LAKE LACD67 1996 17 tracks 78 min

Thriller Rag, Mrs Noone's Blues, Get Out Of Here And Go On Home, Sorry To Leave This City, I Can't Escape From You, ODJB One Step, Franklin Street Blues, Weary Blues, Ting-A-Ling, Blues & Booze, Georgia On My Mind, Milenberg Joys, Blues For Mr Hefty, Sister Kate, Everybody Loves Somebody Sometime, Royal Garden Blues, Goin' Home Now

Whilst I would not dare to argue that Keith Smith is not a great jazz man, I mean anyone invited by Louis Armstrong's All Stars to replace the deceased Sachmo in their line-up must be considered great by his peers, I have found that his recordings have been inconsistent going from mind bogglingly brilliant to the somewhat indifferent. Fortunately this album shows Keith at his best, and playing with some outstanding New Orleans originals such as George Lewis, 'Slow Drag' Pavageau, Alton Purnell, 'Pop' Foster, 'Cie' Frazier, 'Capt' John Handy, 'Master Tricky' Simpson, and many others. These are the real MacCoy, not Preservation Hall has beens amusing the tourists, but mean old men with fire in their belly and a desire to let it out. I will only mention two of the above; George Lewis is fantastic, yet not dominating the music as he so often seemed to do when playing with European bands - perhaps he was held too much in awe by the Europeans. The other is 'Capt' John Handy; man can he handle an alto sax.

The bands may be first class, and Keith Smith is up to their standard, but some of the recording standards are not. The first five tracks featuring the George Lewis band were recorded in the San Jacinto Hall, and it sounds as if it must have been empty at the time. The next three tracks are with Jimmy Archey's Hot Six and much better, despite being recorded in someone's attic. The final tracks are by Keith Smith's All Stars. The sound is somewhat flat and lacking definition at the higher end of the sound scale.

Don't let my comments on the sound put you off. This CD is well worth buying to hear the real N.O. sound played by real N.O. musicians and lead by the great trumpet of Britain's own Keith Smith.



LAKE, 1997 LACD 80, 16 tracks, 79 min

Chicken Ain't Nothin' But A Bird, Patrol Wagon Blues, Just Sittin' & A Rockin', Perdido Street Blues, Sweet Marijuana Brown, Caledonia, Let's Fly Away, I Love You, Medi Two, You're A Lucky Guy, After You've Gone, Red Rides Again, Gee Baby Ain't I good To You, Struttin' With Some Barbecue, It's Wonderful, Dippermouth Blues.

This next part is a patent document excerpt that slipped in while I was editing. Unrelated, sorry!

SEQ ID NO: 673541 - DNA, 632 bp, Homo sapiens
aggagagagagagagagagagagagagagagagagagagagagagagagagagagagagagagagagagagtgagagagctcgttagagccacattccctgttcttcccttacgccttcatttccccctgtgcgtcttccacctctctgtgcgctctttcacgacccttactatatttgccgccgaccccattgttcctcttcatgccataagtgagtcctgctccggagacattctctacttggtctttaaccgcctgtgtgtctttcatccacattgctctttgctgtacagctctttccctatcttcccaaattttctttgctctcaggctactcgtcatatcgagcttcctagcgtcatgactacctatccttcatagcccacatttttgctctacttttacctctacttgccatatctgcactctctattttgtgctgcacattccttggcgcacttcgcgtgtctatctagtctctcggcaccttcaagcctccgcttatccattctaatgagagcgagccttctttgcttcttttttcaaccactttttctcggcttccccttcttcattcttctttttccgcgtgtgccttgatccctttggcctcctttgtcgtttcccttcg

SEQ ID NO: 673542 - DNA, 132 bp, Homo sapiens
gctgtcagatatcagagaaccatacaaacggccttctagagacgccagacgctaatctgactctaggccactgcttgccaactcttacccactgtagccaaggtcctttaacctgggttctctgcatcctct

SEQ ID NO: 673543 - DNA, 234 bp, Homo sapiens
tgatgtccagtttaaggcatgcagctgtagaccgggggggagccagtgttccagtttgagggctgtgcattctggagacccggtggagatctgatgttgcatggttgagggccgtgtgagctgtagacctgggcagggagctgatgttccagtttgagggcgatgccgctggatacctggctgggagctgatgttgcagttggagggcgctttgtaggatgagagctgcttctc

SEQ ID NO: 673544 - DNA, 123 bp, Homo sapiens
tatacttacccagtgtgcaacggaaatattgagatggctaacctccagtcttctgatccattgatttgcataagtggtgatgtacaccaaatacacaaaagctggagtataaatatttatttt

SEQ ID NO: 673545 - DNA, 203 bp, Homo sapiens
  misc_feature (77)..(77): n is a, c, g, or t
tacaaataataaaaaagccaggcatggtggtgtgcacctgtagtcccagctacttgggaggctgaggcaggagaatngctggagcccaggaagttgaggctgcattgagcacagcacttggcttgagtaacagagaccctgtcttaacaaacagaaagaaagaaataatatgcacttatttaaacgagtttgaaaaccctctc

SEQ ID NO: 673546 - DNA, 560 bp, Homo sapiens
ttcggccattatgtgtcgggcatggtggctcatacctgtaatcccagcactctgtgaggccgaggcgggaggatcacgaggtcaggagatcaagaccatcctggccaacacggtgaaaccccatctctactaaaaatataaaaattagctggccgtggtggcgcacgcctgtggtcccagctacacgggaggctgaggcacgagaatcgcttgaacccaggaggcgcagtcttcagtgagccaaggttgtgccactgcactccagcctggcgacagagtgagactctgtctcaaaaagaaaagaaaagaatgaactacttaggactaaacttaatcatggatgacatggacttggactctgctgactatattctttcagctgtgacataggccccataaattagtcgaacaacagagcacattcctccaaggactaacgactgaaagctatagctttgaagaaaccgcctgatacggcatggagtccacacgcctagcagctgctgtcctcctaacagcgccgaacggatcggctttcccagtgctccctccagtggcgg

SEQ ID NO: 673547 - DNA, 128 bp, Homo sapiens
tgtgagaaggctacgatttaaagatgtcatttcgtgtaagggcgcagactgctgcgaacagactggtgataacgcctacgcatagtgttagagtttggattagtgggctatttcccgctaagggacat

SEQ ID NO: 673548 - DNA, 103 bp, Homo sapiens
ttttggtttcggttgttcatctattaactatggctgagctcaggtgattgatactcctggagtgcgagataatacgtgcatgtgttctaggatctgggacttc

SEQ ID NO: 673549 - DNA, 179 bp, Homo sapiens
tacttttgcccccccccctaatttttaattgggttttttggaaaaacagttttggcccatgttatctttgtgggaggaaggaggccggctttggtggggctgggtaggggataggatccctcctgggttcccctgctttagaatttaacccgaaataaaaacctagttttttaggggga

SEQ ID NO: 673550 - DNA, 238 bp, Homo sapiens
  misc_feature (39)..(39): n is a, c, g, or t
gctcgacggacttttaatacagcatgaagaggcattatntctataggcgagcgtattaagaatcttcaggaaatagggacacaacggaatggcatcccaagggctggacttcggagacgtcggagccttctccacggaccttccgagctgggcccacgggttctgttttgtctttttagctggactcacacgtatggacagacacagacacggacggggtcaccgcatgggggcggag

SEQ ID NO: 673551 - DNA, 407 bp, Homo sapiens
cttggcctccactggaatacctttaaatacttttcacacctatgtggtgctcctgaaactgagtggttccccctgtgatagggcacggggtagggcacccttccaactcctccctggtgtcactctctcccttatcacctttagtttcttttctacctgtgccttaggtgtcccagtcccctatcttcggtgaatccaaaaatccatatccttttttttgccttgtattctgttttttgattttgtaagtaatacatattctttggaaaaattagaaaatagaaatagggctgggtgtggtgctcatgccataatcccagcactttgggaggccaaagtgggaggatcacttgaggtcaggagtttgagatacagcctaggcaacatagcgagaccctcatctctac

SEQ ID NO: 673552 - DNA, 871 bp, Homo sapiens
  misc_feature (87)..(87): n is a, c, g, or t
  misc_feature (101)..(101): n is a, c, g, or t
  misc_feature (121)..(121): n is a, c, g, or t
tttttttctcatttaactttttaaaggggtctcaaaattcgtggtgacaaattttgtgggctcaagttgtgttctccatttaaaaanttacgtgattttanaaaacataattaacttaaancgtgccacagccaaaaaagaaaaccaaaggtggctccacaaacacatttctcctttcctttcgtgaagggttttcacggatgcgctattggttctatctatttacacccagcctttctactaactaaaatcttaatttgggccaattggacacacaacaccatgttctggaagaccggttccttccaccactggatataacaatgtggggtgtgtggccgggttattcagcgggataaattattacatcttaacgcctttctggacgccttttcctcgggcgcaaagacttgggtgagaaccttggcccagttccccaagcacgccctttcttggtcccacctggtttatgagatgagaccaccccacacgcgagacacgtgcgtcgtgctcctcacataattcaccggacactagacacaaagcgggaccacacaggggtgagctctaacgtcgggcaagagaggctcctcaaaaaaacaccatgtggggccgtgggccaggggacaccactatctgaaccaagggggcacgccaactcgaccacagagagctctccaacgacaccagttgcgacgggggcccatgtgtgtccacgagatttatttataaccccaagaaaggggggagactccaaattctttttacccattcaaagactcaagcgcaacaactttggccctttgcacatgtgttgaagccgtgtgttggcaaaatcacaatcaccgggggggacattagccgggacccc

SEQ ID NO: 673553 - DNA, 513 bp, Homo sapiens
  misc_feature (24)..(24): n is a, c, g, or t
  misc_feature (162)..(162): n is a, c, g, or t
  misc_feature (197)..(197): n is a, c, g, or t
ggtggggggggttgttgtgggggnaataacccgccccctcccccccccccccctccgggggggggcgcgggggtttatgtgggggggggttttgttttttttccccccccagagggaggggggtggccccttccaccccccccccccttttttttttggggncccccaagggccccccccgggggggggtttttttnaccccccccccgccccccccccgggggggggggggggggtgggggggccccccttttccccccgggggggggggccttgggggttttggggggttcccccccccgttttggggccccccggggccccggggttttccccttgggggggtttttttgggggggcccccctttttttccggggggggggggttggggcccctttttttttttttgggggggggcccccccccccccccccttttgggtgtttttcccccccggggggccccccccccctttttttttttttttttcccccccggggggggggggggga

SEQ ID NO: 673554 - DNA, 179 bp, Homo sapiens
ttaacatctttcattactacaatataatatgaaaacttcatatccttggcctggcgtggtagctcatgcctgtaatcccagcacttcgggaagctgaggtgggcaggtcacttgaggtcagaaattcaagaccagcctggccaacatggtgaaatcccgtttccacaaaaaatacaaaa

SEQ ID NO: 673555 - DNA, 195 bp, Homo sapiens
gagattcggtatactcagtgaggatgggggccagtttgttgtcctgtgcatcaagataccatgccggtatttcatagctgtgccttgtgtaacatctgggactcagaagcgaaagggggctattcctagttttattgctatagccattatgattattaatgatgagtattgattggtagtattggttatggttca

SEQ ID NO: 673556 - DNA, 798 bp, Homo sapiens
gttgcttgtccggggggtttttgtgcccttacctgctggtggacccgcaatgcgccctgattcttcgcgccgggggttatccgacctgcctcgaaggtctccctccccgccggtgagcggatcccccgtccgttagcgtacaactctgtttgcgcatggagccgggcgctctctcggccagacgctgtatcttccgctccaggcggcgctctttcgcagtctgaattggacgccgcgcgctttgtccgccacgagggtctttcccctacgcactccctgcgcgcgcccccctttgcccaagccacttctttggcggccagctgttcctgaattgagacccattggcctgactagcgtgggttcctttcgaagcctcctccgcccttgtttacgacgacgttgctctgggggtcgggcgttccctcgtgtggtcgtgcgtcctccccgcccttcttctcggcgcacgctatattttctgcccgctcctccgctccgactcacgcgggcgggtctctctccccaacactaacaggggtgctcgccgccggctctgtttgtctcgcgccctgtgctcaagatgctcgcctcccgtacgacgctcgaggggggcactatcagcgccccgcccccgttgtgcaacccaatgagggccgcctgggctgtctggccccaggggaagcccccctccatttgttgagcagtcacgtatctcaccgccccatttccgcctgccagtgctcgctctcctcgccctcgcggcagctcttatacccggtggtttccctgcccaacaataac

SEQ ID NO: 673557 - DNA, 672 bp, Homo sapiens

The title says it all- Swing is Here Again, and Keith Smith with a varied line-up sure does swing. The recordings are from 1978, '81, '84 and '91. The '78 tracks are 1-6 and Keith has Bruce Turner reeds and ex-Acker Bilk sideman Johnny Mortimer on trombone with him in the front-line. They play small band swing with a verve that reminds you that swing not only derived from jazz, played well it still is. Tracks 7-8, using Al Gay (ex-Bob Wallis Storeyville Jazzmen) on reeds, are from '91 and are also swing, though they sound more formal. The next set 9-13 sees trombone player Vic Dickenson and clarinetist Johnny Mince come into the front-line and change the style to Dixieland. Tracks 14, 15, 16 are odd tracks from three sessions with differing line-ups. The style for these three tracks is straight traditional jazz bordering on New Orleans. Very smooth and very hot.

So, a great variety, an opportunity for Keith Smith to show not only how versatile he is, but also what a great jazzman. Whatever the style Keith is blowing good jazz, and doing so with powerful enthusiasm. Good stuff.



Alexander's Ragtime Band/ Sugar Blues/ Slide, Frog, Slide/ Mama's Gone Goodbye/ That's A Plenty/ San Francisco/ Tell me Your Dreams/ Poor Butterfly/ Sweethearts On Parade/ The Second Line/ West End Blues/ Bogalusa Strut/ Them There Eyes/ Weary Blues

Although we owned our house in South London for many years it was not until the late 60's that we gained possession of the ground floor. The alterations that we made included fitting gas central heating. In order to ensure that Bob the gas fitter had his dose of culture, and in the full arrogance of youth, I decided to enlighten him with some New Orleans jazz from a couple of 77 label records by Ken Colyer and Keith Smith. In actual fact Bob turned out to be a jazz trumpeter with his own band that he claimed was far better than Keith Smith's. Much of our subsequent conversation revolved around the use of the clarinet as opposed to reeds (in those days I was rabidly anti sax, but I have mellowed now). This CD is from the same period but is a different 77 record. I have never been a 100% happy with Keith Smith's hesitant trumpet style, but this is quite a pleasant band playing some good jazz, particularly on Mama's Gone Goodbye, and The Second Line. Mike Sherborne's trombone and Frank Brooker's reeds are very good and the rhythm section is solid. However, the band seems to be lacking something. There are two "ring ins" but I don't think it is that; it is something more intangible such as enthusiasm. Maybe it was just the fact that the band had been in a road crash only days before the recording was made. I don't though regret buying the CD I just feel that the band fails to play to its full potential.



Hefty Jazz 14 TRACKS 62 MINUTES

I'm Crazy About My Baby, Sweet Lorraine, It's Only A Paper Moon, Struttin' With Some Barbecue, Summertime, Someday You'll Be Sorry, Chinaboy, Please Don't Talk About Me When I've Gone, Gee Baby Ain't I Good To You, Keepin' Out Of Mischief Now, Tailgate Boogie, Baby Won't You Please Come Home, On The Sunnyside Of The Street, Chrysanthemum Rag